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Russian Man’s Reluctant Rise to Chinese TV Stardom Comes to an End

Vladislav Ivanov, a native of Vladivostok, is known in China by his stage name Lelush. Screenshot YouTube

A lax work attitude and genuine disinterest might not seem like traits suited to a successful reality television career.

But for one Russian man, it was precisely these qualities that made him a star in China — albeit very, very reluctantly. 

Vladislav Ivanov, a contestant on China's Produce Camp 2021 pop-star competition show, will finally get to go home after his plan to urge viewers to vote him off the show backfired.

Ivanov, a native of Russia’s Far East city of Vladivostok, was initially brought to the set of Produce Camp 2021, where participants compete for a spot in a boy band, to teach Mandarin Chinese to two Japanese contestants. 

Shortly after arriving at the production location on an artificial island in China’s Hainan province, producers noticed Ivanov’s appearance and offered him a spot in the competition instead.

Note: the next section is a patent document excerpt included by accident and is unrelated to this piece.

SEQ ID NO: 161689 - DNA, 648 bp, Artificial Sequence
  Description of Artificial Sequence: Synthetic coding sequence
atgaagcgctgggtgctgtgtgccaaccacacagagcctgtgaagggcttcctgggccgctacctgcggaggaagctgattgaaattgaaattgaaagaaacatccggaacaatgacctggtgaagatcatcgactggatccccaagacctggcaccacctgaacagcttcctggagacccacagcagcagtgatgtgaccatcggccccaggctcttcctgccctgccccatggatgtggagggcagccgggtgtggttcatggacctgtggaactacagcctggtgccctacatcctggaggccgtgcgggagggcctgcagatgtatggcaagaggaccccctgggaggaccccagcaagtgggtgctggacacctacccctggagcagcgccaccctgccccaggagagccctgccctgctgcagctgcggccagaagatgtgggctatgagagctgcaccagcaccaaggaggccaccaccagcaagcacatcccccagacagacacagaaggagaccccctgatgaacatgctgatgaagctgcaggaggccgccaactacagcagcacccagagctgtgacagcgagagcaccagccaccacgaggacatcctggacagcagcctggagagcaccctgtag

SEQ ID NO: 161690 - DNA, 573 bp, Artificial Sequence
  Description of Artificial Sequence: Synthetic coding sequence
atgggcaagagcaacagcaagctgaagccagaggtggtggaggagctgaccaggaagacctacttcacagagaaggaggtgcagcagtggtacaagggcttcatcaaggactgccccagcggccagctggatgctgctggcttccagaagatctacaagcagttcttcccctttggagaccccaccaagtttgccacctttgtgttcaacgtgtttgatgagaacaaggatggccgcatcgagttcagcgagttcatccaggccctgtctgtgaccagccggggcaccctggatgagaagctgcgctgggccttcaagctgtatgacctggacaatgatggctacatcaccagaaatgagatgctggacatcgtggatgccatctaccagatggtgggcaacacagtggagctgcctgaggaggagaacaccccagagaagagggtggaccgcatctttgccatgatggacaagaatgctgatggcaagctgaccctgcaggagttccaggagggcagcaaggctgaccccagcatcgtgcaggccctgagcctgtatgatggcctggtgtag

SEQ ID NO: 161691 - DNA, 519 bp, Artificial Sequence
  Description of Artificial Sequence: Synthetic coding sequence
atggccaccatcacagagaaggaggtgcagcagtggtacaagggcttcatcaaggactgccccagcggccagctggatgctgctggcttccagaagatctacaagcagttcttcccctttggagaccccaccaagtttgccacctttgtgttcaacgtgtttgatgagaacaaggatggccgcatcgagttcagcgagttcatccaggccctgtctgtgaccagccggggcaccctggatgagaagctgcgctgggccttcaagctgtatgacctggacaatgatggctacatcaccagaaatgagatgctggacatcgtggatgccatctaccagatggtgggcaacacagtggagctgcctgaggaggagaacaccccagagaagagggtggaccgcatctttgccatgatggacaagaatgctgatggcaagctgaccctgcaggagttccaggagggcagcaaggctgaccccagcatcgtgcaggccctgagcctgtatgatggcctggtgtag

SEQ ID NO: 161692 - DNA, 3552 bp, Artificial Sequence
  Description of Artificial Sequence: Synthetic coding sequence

“They thought I was good-looking, so they asked if I'd like to have a try,” the 27-year-old said in an episode.

Ivanov, who is known in China by his stage name Lelush, soon regretted this decision as he was placed in cramped dormitories with 90 other contestants and banned from using his cellphone — not to mention the intense schedule.

He made his dissatisfaction clear with his low-energy, blank-faced singing and dancing performances, which stood in striking contrast to those of his fellow contestants eager to win. 

Unable to drop out due to contractual obligations, Ivanov openly pleaded with viewers to “free” him from the show. 

"Don't love me, you'll get no results," he said.

Yet despite his best efforts, his moody and cynical onscreen persona won fans over. They voted to keep him in the contest for three months, organizing voting campaigns and putting up billboards to drive up support. 

Ivanov’s unexpected popularity is believed to be rooted in China’s Sang (Mourning) subculture, in which the country’s overworked millennials find solidarity in taking a cynical view toward life. Many fans said they related to Ivanov and saw him as an onscreen embodiment of the grueling, sometimes toxic work environment that many young Chinese people face. 

The unwanted support carried Ivanov into the show’s finale that aired last Saturday where, much to his relief, he ultimately lost.

While many fans said they were sad to see him go, Ivanov soon took to the Chinese social network Weibo to celebrate. 

“Thanks for everyone’s support. I’m finally getting off work.”

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